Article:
I get emails. A lot of them.
Some are pleasant. Some of them are … not so pleasant.
A few months ago, my editor came to me with an idea: What if I wrote one column a month replying to some of the angrier dispatches? Then, what if we made a video to accompany the column, so readers could get a glimpse into what it’s like to open my inbox in the morning?
For some reason, I agreed.
Never miss a local story.
It’s a feature we’re calling, “You rip, I respond.” It runs the last Sunday of each month, and you’re reading the latest installment. The video is at thenewstribune.com.
I hope you enjoy.
Now, on to this month’s emails …
Q: Your basic problem is you’re a (descriptor deleted) idiot and your abject ignorance just makes your idiocy worse. Why don’t you stick to topics you know something about, if any, or (shut up). — Don
A: Hi, Don. I guess I feel like that first sentence is a bit redundant. But, then again, I don’t know much about copy editing, so I’ll shut up.
Thanks for reaching out.
Q: You (colorful language deleted) at the TNT continue to weave your opinion into every story. To see how journalism works, educate yourself at Breitbart or Drudge. — Bob
A: You’re joking, right, Bob? Surely this is a joke. I mean … please?
On the off chance you’re not joking …
First off, I’d urge you to find different outlets for your news. Breitbart and the Drudge Report are not reliable sources, and — deep down — I think you know that. And I think readers who frequent these sites are mostly interested in having their biases validated.
Beyond that, a little bit of media literacy: I’m a columnist, so — yes — my opinions are part of the deal.
For most of my colleagues, however, that’s not the case. Yes, reporters have opinions. They’re human. But reporting the news objectively is a skill that’s part of the trade, and the people I work with have honed it and take great pride in doing it well. The News Tribune also employs editors, and one of their jobs it is to ensure the news stories we print are fair.
Q: When you offer your solutions, ones that really work, you can become the next Wizard, green robe and all! You can be the guy who has all the answers instead of just being a snarky critic who takes potshots from the pages of a mediocre newspaper. — Jan
A: Hi, Jan. I might take you up on that whole wizard deal. I’ve always enjoyed robes — especially green ones — and there’s not exactly a lot of security in the newspaper business these days.
Any idea how the benefits stack up?
Q: You bleeding heart liberals disgust me! You morons are so stupid you don’t know what “ILLEGAL” means? ... You liberals are NOT going to continue to dictate to REAL AMERICANS what we can and can’t do. — J
A: A few weeks ago I sat down with a group of young people protected under the Deferred Action for Childhood Arrivals program, known as DACA. All of them came to this country from Mexico as very young children, and — like most of us — they wake up every day and go to work or go to school (usually both) in hopes of one day achieving their dreams.
One wanted to be a schoolteacher. Another hoped to be a social worker. All of them said they’d be completely lost if they were deported to Mexico since their lives are here, and this is the only country they’ve ever really known.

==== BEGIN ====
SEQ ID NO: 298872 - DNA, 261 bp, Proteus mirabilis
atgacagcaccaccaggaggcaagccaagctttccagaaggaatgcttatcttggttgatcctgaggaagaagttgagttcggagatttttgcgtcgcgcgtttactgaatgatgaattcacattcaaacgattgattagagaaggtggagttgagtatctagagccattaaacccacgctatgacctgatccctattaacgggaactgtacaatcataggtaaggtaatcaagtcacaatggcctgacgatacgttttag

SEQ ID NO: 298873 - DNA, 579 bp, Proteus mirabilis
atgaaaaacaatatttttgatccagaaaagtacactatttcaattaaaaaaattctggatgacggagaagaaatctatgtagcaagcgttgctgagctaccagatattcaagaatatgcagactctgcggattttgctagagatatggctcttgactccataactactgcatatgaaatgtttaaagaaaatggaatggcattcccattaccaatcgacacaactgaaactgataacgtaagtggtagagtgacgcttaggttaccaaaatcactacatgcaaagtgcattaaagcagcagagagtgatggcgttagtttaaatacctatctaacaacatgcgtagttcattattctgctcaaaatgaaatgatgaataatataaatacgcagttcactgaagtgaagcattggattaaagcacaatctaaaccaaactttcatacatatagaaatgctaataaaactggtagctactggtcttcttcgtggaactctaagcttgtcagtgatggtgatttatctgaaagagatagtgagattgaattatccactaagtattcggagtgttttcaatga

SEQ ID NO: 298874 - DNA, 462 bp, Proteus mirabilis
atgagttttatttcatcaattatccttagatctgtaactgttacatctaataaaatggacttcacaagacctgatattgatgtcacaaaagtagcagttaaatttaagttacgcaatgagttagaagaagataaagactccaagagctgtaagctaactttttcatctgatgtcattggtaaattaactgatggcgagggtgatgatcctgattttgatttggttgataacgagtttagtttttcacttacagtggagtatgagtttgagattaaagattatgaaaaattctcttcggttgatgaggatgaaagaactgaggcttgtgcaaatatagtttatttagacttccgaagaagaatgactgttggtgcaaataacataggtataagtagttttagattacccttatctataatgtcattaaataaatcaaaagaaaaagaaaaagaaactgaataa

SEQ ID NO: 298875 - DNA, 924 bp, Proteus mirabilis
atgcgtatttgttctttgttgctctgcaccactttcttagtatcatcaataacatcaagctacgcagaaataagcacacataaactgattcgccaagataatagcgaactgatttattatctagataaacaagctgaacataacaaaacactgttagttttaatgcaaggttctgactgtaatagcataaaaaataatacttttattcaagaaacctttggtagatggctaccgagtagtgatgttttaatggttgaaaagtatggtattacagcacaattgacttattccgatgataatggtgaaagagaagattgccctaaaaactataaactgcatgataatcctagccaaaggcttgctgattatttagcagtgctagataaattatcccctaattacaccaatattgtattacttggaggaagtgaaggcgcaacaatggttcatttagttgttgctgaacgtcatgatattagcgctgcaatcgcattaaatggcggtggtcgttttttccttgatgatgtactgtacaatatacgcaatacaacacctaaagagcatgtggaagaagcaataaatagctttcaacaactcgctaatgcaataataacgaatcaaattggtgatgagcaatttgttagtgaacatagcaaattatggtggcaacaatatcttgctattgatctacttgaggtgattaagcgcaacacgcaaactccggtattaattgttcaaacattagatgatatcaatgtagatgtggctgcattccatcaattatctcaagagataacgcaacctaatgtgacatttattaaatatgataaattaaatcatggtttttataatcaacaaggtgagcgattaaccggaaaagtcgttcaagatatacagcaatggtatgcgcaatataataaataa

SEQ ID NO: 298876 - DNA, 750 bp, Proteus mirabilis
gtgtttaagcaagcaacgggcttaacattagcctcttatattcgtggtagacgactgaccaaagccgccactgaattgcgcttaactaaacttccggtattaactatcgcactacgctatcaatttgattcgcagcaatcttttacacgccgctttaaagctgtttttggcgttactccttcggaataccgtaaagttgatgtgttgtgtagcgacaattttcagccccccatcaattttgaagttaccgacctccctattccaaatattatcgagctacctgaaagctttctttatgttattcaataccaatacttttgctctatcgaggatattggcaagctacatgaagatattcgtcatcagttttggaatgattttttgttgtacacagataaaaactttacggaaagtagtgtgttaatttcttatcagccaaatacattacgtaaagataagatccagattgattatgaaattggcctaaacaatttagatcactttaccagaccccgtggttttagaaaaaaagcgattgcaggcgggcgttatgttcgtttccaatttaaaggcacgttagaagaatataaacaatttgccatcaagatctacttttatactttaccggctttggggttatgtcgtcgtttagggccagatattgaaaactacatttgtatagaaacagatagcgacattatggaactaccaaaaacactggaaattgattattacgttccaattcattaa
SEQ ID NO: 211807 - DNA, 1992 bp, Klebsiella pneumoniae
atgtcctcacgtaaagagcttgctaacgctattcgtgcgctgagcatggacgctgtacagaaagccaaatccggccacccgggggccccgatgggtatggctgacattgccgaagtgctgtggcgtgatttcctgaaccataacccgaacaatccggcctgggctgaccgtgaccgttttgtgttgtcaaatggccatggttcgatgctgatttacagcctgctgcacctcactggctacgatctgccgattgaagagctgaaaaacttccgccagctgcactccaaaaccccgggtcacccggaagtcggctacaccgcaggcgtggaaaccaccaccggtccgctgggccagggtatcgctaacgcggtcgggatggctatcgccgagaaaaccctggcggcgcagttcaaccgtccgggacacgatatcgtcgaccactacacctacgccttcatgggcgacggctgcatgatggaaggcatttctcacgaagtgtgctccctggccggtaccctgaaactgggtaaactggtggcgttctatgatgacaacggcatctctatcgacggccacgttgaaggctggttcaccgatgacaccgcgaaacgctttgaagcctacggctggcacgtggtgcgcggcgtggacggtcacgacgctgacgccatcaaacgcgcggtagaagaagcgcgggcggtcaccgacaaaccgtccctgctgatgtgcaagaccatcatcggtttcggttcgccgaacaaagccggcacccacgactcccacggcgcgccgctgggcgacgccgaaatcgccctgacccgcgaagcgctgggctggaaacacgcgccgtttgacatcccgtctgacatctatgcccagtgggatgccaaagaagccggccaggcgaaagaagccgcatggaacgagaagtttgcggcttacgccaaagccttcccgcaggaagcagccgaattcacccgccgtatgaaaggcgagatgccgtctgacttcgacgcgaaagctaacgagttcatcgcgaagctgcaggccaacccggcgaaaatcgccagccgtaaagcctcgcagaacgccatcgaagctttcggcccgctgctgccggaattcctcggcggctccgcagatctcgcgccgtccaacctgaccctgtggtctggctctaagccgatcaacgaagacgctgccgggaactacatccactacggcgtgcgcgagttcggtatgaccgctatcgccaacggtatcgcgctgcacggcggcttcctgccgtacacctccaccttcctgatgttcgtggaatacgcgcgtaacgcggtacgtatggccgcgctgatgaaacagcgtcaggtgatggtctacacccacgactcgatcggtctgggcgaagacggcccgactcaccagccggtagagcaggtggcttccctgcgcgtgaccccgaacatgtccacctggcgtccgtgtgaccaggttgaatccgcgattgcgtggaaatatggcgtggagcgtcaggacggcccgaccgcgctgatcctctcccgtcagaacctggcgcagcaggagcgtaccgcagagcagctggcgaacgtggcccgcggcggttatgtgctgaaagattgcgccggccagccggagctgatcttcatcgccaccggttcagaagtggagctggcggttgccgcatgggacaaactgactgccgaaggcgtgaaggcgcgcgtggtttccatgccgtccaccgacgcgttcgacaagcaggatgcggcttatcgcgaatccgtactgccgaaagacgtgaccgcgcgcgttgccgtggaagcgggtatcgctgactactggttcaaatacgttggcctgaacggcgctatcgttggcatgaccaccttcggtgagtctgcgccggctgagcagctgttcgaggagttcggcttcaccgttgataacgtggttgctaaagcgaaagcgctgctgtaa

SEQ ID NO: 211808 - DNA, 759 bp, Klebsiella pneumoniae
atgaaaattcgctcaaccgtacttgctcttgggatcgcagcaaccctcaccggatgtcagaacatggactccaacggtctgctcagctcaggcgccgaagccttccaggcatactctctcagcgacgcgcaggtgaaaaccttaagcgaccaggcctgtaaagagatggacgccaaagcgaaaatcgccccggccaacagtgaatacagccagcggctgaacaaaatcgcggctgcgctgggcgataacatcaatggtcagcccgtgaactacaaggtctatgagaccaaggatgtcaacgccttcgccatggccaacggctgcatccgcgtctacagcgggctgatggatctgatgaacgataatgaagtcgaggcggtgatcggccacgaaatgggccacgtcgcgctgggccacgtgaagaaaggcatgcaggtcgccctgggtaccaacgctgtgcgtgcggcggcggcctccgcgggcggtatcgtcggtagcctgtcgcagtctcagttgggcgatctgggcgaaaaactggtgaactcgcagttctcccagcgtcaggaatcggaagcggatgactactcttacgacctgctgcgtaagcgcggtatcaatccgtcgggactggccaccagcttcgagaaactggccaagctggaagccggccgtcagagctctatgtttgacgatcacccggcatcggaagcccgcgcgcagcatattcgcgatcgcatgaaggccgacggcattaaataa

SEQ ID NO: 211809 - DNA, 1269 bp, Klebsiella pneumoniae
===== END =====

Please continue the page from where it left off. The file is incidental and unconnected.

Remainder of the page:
The words “real Americans” are yours, not mine, J. I’m not sure exactly what they mean to you. What seems clear is that, under your definition, a person who wants to protect these children doesn’t qualify.
That’s troubling to me. I’ll take a hard pass. In my book, “Real Americans” are better than that.
Q: Please step up and be the first citizen to help the city of Puyallup and its citizens forge a path of progress. Please provide your home address to the Puyallup City Council so that they can then let any person experiencing homelessness know where they can safely relieve themselves. — Marvin
A: Thanks for reaching out, Marvin. Believe it or not, you were not the only reader to suggest this after I wrote about Puyallup’s portable toilet problem this month.
There were at least three of you, so it’s officially a trend.
Q: As a Puyallup resident, it’s amazing how a dweeb, such as you, knows us so well! Get lost (bad word deleted) for brains! — Gary
A: Hi, Gary. You know, it’s funny. I haven’t been called a “dweeb” in a long time. Since elementary school, I think, when I was growing up … in Puyallup.
Really, though, there’s no great mystery when it comes to figuring how people in any place are feeling. You just have to listen to them.
When it comes to homelessness, I’ve done a lot of listening over the last several years — to folks from Puyallup and elsewhere. And the friction in Puyallup is not unusual. I’ve seen it in Seattle. I’ve seen it in Tacoma. I’ve seen it in Kent. I’ve even seen it in North Bend.
A number of folks in Puyallup are angry at what they see as an increase in lawlessness and degradation, and they blame law enforcement and government for not doing more to crack down. They see things like open-air drug use and property crimes — which they attribute almost entirely to homelessness — and no longer recognize their city.
A sizable but less vocal group also are frustrated. They, too, want the city to do more. They see things like they way Puyallup has almost entirely dodged the issue, and in some cases made it harder for those attempting to undertake the important work helping the chronically homeless get off the streets, and it makes them angry and embarrassed.
The majority of people, I’d guess, find themselves somewhere in the middle. It’s a difficult issue, after all.
Again, Puyallup is far from unusual in being faced with turmoil like this.
That’s where elected officials are supposed to step in and provide leadership.